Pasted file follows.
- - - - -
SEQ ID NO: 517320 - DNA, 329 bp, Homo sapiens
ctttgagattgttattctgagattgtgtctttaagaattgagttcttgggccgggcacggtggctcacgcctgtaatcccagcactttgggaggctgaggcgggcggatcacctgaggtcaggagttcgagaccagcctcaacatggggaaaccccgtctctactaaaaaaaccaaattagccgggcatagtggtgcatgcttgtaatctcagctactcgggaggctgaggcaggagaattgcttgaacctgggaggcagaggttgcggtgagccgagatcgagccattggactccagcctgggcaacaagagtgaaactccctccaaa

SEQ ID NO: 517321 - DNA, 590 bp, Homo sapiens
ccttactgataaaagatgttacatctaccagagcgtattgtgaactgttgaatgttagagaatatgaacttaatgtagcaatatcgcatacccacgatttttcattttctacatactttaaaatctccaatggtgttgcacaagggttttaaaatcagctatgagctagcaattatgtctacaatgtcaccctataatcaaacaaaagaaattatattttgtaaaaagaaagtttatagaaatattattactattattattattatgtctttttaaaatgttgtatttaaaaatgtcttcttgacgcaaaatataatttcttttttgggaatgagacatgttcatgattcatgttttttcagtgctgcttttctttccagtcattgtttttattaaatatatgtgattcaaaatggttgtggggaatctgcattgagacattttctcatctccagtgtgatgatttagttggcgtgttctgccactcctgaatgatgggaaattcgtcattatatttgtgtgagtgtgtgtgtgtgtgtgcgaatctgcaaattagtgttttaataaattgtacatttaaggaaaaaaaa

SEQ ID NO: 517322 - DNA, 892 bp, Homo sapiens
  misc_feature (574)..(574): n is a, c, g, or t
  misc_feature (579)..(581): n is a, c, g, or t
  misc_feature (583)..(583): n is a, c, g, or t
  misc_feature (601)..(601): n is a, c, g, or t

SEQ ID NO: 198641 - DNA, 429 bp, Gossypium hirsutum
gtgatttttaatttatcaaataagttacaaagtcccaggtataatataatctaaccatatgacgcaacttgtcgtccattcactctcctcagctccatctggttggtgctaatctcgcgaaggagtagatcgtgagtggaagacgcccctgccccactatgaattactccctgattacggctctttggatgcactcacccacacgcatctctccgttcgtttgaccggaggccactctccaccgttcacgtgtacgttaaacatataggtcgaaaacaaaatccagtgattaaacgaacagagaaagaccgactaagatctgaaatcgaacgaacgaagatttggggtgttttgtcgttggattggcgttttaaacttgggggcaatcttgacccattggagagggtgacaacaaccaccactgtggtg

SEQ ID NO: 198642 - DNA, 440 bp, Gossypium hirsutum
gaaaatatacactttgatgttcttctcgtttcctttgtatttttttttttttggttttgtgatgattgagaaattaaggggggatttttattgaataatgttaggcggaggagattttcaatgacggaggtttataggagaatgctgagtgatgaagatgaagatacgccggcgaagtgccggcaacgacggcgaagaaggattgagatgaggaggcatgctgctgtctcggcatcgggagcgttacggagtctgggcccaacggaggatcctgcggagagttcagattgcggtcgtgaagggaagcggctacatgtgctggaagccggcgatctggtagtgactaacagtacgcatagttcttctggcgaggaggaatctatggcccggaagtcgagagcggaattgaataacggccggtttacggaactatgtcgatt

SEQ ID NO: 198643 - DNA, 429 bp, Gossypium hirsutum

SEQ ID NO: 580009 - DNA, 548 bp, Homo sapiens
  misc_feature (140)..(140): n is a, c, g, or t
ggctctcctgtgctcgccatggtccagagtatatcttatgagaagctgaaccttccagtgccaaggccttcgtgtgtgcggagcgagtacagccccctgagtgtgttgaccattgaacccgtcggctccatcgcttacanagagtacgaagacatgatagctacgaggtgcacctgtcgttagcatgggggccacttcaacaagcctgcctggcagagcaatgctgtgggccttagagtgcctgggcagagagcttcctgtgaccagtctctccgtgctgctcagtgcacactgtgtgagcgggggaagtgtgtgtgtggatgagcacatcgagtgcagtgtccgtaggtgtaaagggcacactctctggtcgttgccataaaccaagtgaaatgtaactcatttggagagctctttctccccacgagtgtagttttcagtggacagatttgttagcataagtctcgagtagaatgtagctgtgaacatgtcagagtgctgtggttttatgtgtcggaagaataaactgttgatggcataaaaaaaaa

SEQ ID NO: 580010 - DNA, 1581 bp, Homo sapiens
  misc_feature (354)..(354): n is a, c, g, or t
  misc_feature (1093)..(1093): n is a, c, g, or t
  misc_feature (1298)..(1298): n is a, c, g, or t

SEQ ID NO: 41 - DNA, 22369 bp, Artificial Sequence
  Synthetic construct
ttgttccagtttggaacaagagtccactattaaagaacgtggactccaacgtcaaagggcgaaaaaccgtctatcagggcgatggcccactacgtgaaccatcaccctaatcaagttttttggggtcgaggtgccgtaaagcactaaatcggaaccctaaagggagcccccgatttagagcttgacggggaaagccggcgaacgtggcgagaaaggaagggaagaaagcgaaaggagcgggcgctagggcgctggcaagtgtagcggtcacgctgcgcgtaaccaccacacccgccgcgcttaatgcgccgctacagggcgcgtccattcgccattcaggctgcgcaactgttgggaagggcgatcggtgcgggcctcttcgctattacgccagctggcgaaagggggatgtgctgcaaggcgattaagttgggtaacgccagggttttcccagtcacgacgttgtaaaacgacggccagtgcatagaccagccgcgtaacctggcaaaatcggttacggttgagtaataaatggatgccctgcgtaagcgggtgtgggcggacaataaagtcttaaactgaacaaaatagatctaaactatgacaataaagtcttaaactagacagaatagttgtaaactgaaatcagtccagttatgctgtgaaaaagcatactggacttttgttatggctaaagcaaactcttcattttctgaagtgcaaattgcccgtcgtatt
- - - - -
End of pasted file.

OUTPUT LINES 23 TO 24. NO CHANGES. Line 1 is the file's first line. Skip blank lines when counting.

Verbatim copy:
  Synthetic construct
ttgttccagtttggaacaagagtccactattaaagaacgtggactccaacgtcaaagggcgaaaaaccgtctatcagggcgatggcccactacgtgaaccatcaccctaatcaagttttttggggtcgaggtgccgtaaagcactaaatcggaaccctaaagggagcccccgatttagagcttgacggggaaagccggcgaacgtggcgagaaaggaagggaagaaagcgaaaggagcgggcgctagggcgctggcaagtgtagcggtcacgctgcgcgtaaccaccacacccgccgcgcttaatgcgccgctacagggcgcgtccattcgccattcaggctgcgcaactgttgggaagggcgatcggtgcgggcctcttcgctattacgccagctggcgaaagggggatgtgctgcaaggcgattaagttgggtaacgccagggttttcccagtcacgacgttgtaaaacgacggccagtgcatagaccagccgcgtaacctggcaaaatcggttacggttgagtaataaatggatgccctgcgtaagcgggtgtgggcggacaataaagtcttaaactgaacaaaatagatctaaactatgacaataaagtcttaaactagacagaatagttgtaaactgaaatcagtccagttatgctgtgaaaaagcatactggacttttgttatggctaaagcaaactcttcattttctgaagtgcaaattgcccgtcgtatt